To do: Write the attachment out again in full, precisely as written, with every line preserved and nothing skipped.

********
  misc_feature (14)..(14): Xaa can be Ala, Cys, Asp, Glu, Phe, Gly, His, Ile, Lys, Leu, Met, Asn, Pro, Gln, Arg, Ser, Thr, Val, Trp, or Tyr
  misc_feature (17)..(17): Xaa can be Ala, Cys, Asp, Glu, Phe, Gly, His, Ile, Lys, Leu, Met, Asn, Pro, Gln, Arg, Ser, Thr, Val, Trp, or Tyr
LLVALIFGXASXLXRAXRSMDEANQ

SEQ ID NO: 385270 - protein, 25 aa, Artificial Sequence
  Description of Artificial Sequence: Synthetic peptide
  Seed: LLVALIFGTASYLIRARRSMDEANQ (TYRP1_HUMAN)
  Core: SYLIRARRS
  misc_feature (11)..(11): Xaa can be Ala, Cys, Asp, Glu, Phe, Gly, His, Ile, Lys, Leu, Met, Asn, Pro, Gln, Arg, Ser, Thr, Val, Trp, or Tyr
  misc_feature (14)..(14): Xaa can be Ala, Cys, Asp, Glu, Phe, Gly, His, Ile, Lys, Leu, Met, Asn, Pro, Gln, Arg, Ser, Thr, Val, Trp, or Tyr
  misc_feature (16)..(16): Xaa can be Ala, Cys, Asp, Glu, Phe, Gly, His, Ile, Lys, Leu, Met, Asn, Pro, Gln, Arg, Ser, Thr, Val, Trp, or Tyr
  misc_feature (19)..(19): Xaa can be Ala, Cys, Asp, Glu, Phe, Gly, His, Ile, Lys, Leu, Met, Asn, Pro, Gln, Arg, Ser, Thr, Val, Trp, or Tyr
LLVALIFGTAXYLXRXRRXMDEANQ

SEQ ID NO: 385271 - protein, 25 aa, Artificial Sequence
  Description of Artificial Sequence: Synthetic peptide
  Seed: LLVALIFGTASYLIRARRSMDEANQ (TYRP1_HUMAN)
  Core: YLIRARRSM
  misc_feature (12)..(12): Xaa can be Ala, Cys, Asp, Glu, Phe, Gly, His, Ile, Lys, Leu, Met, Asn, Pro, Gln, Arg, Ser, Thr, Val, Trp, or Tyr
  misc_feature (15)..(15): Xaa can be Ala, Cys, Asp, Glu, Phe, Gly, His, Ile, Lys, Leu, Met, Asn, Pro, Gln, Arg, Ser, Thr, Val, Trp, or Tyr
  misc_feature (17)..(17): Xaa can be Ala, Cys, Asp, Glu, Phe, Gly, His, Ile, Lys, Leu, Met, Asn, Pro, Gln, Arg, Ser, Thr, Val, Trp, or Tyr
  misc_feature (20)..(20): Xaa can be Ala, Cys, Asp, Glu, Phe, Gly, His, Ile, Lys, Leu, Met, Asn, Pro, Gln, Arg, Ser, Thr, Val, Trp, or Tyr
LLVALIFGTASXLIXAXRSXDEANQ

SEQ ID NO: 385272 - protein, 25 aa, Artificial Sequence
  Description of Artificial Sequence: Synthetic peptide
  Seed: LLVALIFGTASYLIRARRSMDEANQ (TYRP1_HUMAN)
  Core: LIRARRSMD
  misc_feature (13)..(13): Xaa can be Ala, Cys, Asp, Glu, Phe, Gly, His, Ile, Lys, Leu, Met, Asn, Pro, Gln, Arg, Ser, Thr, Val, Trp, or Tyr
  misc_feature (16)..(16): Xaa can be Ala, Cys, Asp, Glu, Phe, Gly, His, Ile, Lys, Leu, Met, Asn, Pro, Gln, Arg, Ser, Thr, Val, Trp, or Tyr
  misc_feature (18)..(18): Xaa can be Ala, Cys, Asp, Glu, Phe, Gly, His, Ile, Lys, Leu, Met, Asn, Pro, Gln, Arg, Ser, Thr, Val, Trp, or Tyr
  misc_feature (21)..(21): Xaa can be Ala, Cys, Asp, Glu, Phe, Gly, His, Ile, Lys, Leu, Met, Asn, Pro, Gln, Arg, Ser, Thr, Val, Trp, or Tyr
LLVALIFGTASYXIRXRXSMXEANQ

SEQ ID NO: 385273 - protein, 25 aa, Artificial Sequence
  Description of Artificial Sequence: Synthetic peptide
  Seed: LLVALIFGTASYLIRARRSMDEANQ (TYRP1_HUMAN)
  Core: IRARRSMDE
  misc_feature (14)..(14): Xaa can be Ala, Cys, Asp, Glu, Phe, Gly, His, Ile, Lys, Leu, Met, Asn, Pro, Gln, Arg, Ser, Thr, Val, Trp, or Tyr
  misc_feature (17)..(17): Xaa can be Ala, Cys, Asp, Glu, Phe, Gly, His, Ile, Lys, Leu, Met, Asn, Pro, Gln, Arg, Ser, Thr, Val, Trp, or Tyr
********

  misc_feature (14)..(14): Xaa can be Ala, Cys, Asp, Glu, Phe, Gly, His, Ile, Lys, Leu, Met, Asn, Pro, Gln, Arg, Ser, Thr, Val, Trp, or Tyr
  misc_feature (17)..(17): Xaa can be Ala, Cys, Asp, Glu, Phe, Gly, His, Ile, Lys, Leu, Met, Asn, Pro, Gln, Arg, Ser, Thr, Val, Trp, or Tyr
LLVALIFGXASXLXRAXRSMDEANQ

SEQ ID NO: 385270 - protein, 25 aa, Artificial Sequence
  Description of Artificial Sequence: Synthetic peptide
  Seed: LLVALIFGTASYLIRARRSMDEANQ (TYRP1_HUMAN)
  Core: SYLIRARRS
  misc_feature (11)..(11): Xaa can be Ala, Cys, Asp, Glu, Phe, Gly, His, Ile, Lys, Leu, Met, Asn, Pro, Gln, Arg, Ser, Thr, Val, Trp, or Tyr
  misc_feature (14)..(14): Xaa can be Ala, Cys, Asp, Glu, Phe, Gly, His, Ile, Lys, Leu, Met, Asn, Pro, Gln, Arg, Ser, Thr, Val, Trp, or Tyr
  misc_feature (16)..(16): Xaa can be Ala, Cys, Asp, Glu, Phe, Gly, His, Ile, Lys, Leu, Met, Asn, Pro, Gln, Arg, Ser, Thr, Val, Trp, or Tyr
  misc_feature (19)..(19): Xaa can be Ala, Cys, Asp, Glu, Phe, Gly, His, Ile, Lys, Leu, Met, Asn, Pro, Gln, Arg, Ser, Thr, Val, Trp, or Tyr
LLVALIFGTAXYLXRXRRXMDEANQ

SEQ ID NO: 385271 - protein, 25 aa, Artificial Sequence
  Description of Artificial Sequence: Synthetic peptide
  Seed: LLVALIFGTASYLIRARRSMDEANQ (TYRP1_HUMAN)
  Core: YLIRARRSM
  misc_feature (12)..(12): Xaa can be Ala, Cys, Asp, Glu, Phe, Gly, His, Ile, Lys, Leu, Met, Asn, Pro, Gln, Arg, Ser, Thr, Val, Trp, or Tyr
  misc_feature (15)..(15): Xaa can be Ala, Cys, Asp, Glu, Phe, Gly, His, Ile, Lys, Leu, Met, Asn, Pro, Gln, Arg, Ser, Thr, Val, Trp, or Tyr
  misc_feature (17)..(17): Xaa can be Ala, Cys, Asp, Glu, Phe, Gly, His, Ile, Lys, Leu, Met, Asn, Pro, Gln, Arg, Ser, Thr, Val, Trp, or Tyr
  misc_feature (20)..(20): Xaa can be Ala, Cys, Asp, Glu, Phe, Gly, His, Ile, Lys, Leu, Met, Asn, Pro, Gln, Arg, Ser, Thr, Val, Trp, or Tyr
LLVALIFGTASXLIXAXRSXDEANQ

SEQ ID NO: 385272 - protein, 25 aa, Artificial Sequence
  Description of Artificial Sequence: Synthetic peptide
  Seed: LLVALIFGTASYLIRARRSMDEANQ (TYRP1_HUMAN)
  Core: LIRARRSMD
  misc_feature (13)..(13): Xaa can be Ala, Cys, Asp, Glu, Phe, Gly, His, Ile, Lys, Leu, Met, Asn, Pro, Gln, Arg, Ser, Thr, Val, Trp, or Tyr
  misc_feature (16)..(16): Xaa can be Ala, Cys, Asp, Glu, Phe, Gly, His, Ile, Lys, Leu, Met, Asn, Pro, Gln, Arg, Ser, Thr, Val, Trp, or Tyr
  misc_feature (18)..(18): Xaa can be Ala, Cys, Asp, Glu, Phe, Gly, His, Ile, Lys, Leu, Met, Asn, Pro, Gln, Arg, Ser, Thr, Val, Trp, or Tyr
  misc_feature (21)..(21): Xaa can be Ala, Cys, Asp, Glu, Phe, Gly, His, Ile, Lys, Leu, Met, Asn, Pro, Gln, Arg, Ser, Thr, Val, Trp, or Tyr
LLVALIFGTASYXIRXRXSMXEANQ

SEQ ID NO: 385273 - protein, 25 aa, Artificial Sequence
  Description of Artificial Sequence: Synthetic peptide
  Seed: LLVALIFGTASYLIRARRSMDEANQ (TYRP1_HUMAN)
  Core: IRARRSMDE
  misc_feature (14)..(14): Xaa can be Ala, Cys, Asp, Glu, Phe, Gly, His, Ile, Lys, Leu, Met, Asn, Pro, Gln, Arg, Ser, Thr, Val, Trp, or Tyr
  misc_feature (17)..(17): Xaa can be Ala, Cys, Asp, Glu, Phe, Gly, His, Ile, Lys, Leu, Met, Asn, Pro, Gln, Arg, Ser, Thr, Val, Trp, or Tyr